These select policies appear liberal and reform-minded, but they are also superficial measures that fail to address the systematic oppression still facing women in the kingdom. What’s often left out of the glowing coverage of Saudi women being allowed into soccer stadiums is that there are actually only three designated stadiums in the kingdom that they are allowed to enter. Women being allowed to drive cars is progressive step, but it means very little so long as the guardianship system—which keeps women at the mercy of their spouses or male relatives who can decide if they are ever allowed to travel, study abroad, or access health care—remains firmly in place. It does.

As of 2016, Saudi Arabia ranked 141st out of 144 nations included in the World Economic Forum’s (WEF) Global Gender Gap report. Allowing women to attend (some) soccer matches and drive cars will not improve the country’s status by much, particularly when equal rights and an end to the guardianship system remain a distant dream. The Saudi Arabian government even monitors women using electronic systems that track cross-border movements, allowing husbands to be notified if their wives leave the country. Even in 2017, the supposed year of dramatic change in Saudi Arabia, Saudi women fleeing the country were forcibly returned by their relatives and placed in detention. These facts remain undisputed, and yet mainstream media entities such as the BBC continue to produce headlines such as “Saudi Arabia: How women are making football history.”

It is essential to understand that the selective freedoms that Prince Mohammed Bin Salman has given Saudi women serves to benefit the Crown Prince’s political agenda first and foremost. Anything else is an added bonus.

Prince Mohammed Bin Salman has presented himself as a reformist in a country that has long emphasized the exportation of extremist teachings. His stated vision is to restore Saudi Arabia to a “country of moderate Islam that is tolerant of all religions and to the world.” This is the sort of rhetoric that elites want to hear, but again it hasn’t been matched by commensurate action. Once he was elevated to the role of Crown Prince in June 2017, the prince consolidated his power using a series of policies previously unheard of in the Gulf state. This began with the reported arrests of 11 princes from the House of Saud on corruption charges—a warning that even Saudi princes were not above the law.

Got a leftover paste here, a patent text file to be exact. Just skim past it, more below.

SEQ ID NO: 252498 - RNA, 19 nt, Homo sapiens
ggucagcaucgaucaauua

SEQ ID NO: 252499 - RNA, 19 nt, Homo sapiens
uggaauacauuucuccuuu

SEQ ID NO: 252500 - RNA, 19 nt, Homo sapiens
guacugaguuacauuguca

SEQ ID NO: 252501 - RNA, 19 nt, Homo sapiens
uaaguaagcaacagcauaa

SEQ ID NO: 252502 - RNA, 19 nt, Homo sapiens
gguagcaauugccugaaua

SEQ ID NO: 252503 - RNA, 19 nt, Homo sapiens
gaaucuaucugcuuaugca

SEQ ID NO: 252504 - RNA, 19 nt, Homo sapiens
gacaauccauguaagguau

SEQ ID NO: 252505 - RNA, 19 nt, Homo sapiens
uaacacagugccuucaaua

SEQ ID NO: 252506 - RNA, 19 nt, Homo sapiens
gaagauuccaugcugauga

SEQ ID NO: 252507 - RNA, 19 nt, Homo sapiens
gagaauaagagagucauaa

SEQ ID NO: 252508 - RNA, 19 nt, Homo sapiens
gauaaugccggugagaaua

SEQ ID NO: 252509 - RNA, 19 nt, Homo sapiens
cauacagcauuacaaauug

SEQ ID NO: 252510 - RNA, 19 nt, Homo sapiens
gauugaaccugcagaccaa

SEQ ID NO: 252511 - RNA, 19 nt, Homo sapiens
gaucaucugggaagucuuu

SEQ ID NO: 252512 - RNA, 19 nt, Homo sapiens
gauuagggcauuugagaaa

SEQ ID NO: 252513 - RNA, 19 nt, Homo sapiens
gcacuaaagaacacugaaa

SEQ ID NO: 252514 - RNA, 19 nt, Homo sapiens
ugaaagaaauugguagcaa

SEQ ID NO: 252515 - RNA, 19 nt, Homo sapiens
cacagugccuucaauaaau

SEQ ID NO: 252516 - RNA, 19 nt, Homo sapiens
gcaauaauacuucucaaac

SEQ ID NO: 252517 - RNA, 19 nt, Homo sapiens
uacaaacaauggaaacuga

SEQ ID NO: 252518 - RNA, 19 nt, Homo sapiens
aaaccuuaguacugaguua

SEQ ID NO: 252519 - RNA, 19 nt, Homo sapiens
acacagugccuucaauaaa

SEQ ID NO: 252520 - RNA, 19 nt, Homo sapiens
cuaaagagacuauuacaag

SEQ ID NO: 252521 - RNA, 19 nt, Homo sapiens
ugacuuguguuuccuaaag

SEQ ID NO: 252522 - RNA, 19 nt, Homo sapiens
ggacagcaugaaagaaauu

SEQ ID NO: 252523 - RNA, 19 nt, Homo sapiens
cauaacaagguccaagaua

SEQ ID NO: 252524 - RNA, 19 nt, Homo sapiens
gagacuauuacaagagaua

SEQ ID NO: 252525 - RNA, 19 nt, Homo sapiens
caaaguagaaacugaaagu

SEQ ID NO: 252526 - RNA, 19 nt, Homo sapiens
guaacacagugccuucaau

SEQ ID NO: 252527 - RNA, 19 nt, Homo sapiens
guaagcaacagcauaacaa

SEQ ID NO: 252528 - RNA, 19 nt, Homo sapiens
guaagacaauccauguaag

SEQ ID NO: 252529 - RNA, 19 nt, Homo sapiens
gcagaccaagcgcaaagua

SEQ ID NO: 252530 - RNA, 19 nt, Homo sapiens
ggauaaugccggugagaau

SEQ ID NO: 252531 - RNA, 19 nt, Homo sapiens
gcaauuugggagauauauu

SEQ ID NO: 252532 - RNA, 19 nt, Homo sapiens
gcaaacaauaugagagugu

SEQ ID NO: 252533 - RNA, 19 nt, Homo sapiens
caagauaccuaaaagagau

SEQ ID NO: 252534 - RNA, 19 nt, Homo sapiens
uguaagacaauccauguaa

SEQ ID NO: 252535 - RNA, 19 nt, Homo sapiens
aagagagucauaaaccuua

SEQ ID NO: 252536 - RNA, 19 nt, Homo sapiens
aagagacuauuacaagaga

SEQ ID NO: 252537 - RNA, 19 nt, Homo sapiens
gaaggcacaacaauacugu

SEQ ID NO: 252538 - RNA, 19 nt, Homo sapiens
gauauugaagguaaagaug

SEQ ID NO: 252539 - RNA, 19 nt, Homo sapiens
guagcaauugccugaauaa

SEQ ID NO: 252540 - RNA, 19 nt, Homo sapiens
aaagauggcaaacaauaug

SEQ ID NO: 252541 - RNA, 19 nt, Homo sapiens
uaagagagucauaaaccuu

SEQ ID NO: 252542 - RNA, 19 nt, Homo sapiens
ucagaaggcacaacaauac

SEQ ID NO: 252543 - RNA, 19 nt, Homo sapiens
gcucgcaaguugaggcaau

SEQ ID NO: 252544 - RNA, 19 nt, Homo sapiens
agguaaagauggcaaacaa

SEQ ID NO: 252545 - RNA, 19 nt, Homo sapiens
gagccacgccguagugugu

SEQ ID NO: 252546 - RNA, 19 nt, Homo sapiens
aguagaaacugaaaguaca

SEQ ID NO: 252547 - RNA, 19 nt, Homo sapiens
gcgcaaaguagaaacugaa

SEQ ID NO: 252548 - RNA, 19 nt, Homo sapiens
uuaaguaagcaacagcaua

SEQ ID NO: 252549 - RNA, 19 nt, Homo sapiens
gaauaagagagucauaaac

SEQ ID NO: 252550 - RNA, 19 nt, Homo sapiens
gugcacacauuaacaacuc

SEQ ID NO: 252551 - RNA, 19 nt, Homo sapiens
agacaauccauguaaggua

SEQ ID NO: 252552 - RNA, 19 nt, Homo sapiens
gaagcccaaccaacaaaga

The prince followed up his controversial arrests by stoking conflict with the Iranian regime and extending the war with Yemen, which presently constitutes what the United Nations considers to be a humanitarian crisis. His aggressive stance on domestic and foreign politics, as well as his devil-may-care attitude towards the country’s longstanding hyper-conservatism, indicate that he is more of a hardliner than a reformist.

With this in mind, it’s easier to see Bin Salman’s endorsement of changes to the entertainment sector, including economic infusions in various sports and increased participation from female athletes, for what they really are: an attempt to enhance his personal image abroad.

The Saudi government is aware of the domestic benefits and international prestige that can be reaped from a strong sports culture, and are willing to go to unprecedented lengths to seize those benefits. The decision to invest in sports facilities shows the country’s awareness of the benefits of controlled social change, and the decision to host international events highlights Mohammed Bin Salman’s interest in using sports as a strategic tool to enhance the country’s reputation on an international level.

Leveraging sports for political gain is a long-established tradition with authoritarian regimes. There exists a clear pattern where oppressive rulers have attempted to use sports (and their athletes) as pawns on the political chess board. Sports have long provided opportunities for improved public relations, political gain, and the strategic realization of particular soft-power goals. Nothing makes an undemocratic regime appear progressive and palatable quite like a stadium full of adoring fans cheering on athletes from all over the world.

The Russian Federation has laid out the blueprint that Bin Salman is currently following. With Vladimir Putin at the helm, Russia won the rights to host both the 2014 Winter Games and the 2018 World Cup. Though faced with sanctions imposed by the United States and difficult economic circumstances following a recession in 2014, Russia’s upcoming World Cup is set to be the most expensive in the event’s very expensive history, with a budget that could total $40 billion.

Despite the potential long-term consequences of such a risky investment in a single event, it is a cost Putin is willing to pay to ensure his nation claims a spot for itself amongst the international elite. If Bin Salman’s plans for promoting sports come to fruition, Saudi Arabia might soon be counting itself among those countries whose international prestige provide much needed cover for their authoritarian impulses.